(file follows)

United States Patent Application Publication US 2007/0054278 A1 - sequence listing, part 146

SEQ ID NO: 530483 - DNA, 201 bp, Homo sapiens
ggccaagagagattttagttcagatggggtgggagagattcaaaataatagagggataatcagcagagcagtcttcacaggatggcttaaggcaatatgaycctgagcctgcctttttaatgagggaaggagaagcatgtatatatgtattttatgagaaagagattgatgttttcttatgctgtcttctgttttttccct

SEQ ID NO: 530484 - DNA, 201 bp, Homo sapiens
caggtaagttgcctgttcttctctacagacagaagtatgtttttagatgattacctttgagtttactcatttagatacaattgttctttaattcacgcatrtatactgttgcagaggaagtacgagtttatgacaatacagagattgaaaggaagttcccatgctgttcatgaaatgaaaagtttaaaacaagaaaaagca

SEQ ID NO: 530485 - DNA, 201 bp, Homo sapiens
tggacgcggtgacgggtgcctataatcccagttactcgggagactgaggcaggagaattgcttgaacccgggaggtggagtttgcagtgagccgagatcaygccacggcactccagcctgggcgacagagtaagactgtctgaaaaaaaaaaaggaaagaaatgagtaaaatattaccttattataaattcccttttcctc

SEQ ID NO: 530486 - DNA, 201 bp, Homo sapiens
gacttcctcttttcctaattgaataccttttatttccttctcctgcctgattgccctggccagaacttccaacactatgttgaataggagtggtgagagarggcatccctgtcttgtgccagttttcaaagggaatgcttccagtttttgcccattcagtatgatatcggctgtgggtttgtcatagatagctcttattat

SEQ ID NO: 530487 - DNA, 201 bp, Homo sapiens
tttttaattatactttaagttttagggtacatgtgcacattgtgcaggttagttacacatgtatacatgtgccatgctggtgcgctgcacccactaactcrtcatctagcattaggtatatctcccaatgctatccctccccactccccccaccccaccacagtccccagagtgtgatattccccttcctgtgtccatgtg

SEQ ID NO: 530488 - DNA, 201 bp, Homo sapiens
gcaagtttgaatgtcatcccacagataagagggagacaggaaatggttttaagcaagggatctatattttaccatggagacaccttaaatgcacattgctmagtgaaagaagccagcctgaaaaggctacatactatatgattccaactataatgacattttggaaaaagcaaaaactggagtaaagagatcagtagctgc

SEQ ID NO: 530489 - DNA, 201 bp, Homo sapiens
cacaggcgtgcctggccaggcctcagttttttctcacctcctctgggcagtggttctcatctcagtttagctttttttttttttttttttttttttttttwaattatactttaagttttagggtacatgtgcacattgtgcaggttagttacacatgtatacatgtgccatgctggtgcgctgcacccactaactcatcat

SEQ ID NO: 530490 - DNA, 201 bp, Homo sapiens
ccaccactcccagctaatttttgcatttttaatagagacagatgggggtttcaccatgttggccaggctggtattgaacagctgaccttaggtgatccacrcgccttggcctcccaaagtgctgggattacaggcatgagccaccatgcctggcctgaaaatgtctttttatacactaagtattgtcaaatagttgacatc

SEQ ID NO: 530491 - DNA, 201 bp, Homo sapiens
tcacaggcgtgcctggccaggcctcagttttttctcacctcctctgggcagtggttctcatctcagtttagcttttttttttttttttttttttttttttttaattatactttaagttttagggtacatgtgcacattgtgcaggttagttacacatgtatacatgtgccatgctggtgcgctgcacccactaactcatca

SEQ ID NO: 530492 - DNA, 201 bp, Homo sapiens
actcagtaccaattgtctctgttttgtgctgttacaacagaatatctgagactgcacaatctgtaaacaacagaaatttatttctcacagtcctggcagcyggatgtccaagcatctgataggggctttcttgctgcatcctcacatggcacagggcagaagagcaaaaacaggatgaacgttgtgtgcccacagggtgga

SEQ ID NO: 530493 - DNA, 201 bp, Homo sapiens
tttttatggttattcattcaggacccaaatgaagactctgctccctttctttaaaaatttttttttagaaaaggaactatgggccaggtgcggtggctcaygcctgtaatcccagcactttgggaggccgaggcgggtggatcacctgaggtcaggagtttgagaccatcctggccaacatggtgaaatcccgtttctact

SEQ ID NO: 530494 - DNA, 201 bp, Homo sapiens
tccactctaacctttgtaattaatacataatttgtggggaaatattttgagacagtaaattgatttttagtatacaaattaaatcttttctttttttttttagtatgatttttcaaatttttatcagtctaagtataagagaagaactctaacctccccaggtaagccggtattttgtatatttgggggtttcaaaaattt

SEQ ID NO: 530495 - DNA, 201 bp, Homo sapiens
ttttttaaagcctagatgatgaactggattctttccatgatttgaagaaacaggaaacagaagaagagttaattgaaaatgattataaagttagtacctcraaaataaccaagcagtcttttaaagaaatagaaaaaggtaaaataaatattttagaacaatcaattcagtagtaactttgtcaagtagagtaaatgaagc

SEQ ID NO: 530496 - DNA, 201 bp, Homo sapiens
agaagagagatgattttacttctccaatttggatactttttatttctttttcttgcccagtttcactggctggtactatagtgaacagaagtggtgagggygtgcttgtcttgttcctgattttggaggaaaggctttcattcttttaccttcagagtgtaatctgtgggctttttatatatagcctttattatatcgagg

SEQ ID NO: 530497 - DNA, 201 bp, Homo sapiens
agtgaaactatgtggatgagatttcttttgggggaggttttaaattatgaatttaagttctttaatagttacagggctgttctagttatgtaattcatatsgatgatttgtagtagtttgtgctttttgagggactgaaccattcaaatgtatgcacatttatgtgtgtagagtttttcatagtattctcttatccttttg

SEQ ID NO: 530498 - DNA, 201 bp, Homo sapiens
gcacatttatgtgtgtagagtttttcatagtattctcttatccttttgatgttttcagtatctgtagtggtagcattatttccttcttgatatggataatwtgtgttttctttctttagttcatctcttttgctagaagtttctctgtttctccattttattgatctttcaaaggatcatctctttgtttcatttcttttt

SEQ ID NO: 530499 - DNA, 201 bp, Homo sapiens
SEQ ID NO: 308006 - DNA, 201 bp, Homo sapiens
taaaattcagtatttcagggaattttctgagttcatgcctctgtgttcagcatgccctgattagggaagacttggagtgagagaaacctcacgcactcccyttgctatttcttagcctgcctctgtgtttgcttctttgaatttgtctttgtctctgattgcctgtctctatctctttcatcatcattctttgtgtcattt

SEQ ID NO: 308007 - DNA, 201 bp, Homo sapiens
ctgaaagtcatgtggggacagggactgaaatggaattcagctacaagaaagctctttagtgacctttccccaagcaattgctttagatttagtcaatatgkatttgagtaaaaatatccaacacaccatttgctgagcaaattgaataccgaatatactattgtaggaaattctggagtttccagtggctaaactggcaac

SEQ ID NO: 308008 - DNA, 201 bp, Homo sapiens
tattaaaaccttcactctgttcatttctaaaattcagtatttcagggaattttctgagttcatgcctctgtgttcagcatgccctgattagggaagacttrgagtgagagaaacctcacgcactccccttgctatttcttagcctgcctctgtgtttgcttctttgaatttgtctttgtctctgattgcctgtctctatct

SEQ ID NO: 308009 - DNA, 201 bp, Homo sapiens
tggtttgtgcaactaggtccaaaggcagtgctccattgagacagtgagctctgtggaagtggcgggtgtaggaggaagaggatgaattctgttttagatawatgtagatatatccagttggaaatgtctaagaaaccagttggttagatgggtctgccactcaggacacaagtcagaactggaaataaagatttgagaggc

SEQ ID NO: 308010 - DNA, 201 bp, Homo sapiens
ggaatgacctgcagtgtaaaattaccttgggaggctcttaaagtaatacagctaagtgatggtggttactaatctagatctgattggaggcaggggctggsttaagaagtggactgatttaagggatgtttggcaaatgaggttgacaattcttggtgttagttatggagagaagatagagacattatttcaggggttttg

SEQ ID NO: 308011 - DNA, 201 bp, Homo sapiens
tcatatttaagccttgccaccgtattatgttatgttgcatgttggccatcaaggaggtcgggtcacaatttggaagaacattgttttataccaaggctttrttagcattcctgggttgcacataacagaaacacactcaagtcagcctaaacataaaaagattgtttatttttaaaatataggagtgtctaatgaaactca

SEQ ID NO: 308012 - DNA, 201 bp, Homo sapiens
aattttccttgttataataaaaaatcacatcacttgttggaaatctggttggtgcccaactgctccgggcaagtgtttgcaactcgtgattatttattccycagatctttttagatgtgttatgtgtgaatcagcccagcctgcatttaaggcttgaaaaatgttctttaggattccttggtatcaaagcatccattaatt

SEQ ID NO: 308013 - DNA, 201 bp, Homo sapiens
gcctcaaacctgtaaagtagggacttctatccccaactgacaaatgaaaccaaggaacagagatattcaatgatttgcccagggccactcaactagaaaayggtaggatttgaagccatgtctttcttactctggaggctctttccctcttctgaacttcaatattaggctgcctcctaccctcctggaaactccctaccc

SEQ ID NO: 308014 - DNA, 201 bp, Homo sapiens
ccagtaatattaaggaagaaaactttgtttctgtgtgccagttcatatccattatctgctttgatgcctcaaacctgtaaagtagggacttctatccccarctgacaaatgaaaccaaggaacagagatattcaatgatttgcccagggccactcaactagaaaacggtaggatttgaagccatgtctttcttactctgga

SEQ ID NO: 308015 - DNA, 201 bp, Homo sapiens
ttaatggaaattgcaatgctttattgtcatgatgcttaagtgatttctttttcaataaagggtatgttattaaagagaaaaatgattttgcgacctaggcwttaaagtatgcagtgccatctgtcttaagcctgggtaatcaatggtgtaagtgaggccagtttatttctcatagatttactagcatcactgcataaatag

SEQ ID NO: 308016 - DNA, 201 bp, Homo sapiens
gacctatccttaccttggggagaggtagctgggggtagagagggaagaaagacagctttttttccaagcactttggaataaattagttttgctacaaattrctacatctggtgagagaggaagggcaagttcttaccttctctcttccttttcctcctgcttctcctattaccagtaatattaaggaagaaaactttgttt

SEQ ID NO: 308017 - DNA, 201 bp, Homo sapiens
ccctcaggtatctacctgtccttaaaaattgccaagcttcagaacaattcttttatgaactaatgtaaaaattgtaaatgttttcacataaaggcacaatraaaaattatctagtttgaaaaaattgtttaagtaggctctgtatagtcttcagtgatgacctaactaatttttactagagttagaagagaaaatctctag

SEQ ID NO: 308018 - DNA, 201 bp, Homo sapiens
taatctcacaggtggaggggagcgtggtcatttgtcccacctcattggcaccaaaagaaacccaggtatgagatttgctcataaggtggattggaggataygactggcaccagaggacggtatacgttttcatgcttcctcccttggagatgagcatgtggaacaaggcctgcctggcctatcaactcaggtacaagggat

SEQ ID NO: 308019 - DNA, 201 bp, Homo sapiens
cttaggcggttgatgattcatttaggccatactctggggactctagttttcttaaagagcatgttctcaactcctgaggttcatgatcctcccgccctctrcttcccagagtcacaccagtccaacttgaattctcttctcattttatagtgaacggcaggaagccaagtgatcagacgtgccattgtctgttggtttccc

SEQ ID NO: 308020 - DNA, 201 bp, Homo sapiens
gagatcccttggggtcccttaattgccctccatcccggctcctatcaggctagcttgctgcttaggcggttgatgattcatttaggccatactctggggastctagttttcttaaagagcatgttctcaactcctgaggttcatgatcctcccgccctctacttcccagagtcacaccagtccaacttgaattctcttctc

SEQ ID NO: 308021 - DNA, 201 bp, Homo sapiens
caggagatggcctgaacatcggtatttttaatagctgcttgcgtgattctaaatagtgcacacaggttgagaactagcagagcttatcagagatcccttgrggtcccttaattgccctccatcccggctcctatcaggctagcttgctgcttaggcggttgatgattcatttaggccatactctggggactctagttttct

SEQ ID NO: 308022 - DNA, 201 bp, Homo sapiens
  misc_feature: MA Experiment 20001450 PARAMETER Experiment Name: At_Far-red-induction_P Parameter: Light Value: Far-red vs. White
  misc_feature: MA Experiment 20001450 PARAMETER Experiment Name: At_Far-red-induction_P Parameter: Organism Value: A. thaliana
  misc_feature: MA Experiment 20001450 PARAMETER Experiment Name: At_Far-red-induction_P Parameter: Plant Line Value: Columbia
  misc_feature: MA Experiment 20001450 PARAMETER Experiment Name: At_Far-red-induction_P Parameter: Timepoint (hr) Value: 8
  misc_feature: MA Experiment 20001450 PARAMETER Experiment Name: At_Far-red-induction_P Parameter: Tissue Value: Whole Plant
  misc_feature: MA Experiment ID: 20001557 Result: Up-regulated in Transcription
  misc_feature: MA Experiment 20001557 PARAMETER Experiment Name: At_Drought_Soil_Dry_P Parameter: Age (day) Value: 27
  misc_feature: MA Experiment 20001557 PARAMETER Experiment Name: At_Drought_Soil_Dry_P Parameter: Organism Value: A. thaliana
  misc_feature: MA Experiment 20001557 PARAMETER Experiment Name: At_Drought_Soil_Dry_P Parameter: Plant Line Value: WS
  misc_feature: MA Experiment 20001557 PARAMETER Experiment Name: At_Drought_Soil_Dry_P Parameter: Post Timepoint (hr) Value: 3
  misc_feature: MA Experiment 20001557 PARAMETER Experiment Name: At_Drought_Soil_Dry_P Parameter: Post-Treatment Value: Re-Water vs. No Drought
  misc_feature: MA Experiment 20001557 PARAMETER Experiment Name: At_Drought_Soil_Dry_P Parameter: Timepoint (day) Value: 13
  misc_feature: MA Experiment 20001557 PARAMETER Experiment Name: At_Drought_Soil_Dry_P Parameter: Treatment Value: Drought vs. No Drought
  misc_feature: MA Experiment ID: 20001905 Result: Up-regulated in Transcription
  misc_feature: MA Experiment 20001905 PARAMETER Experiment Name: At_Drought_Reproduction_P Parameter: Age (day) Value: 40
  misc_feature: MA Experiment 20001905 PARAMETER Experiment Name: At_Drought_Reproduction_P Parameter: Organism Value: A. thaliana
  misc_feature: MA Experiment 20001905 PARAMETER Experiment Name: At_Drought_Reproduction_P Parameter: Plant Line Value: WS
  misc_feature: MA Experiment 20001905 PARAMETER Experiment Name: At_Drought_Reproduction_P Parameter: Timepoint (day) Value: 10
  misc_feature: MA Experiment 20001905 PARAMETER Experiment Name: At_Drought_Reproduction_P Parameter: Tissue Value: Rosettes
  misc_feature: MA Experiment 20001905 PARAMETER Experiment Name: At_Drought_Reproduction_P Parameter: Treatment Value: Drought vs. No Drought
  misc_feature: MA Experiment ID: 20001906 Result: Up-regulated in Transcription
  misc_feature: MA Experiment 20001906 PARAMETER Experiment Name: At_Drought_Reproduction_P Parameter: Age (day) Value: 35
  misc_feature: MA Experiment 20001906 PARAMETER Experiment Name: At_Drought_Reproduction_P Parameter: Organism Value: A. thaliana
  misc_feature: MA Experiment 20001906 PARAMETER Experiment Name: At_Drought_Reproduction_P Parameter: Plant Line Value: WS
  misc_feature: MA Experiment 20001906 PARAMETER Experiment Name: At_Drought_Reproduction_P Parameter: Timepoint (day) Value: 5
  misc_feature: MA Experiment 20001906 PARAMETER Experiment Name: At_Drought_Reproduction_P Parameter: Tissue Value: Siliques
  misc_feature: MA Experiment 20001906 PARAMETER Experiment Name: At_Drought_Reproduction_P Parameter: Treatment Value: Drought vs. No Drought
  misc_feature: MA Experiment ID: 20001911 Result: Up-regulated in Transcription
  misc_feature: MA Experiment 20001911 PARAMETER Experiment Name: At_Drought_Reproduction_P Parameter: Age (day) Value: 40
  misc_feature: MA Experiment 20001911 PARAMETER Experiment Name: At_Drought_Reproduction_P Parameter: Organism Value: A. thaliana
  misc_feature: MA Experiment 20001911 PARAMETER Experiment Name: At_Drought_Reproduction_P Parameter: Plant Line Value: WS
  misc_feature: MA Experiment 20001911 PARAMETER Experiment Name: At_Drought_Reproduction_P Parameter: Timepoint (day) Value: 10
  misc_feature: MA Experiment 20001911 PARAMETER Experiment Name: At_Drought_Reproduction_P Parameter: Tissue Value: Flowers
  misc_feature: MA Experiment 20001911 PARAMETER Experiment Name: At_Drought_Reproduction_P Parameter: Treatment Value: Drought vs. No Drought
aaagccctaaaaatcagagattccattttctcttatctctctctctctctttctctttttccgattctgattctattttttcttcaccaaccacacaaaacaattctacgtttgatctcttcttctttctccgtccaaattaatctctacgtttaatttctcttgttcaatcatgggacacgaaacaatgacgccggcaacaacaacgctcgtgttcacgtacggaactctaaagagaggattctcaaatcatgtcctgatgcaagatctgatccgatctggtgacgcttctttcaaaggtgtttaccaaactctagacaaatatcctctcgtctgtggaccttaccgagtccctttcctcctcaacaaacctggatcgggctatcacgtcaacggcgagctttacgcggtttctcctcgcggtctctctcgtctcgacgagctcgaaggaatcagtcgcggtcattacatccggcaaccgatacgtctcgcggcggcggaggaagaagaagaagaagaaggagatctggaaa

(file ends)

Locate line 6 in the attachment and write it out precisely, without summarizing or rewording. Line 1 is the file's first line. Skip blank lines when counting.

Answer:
SEQ ID NO: 530485 - DNA, 201 bp, Homo sapiens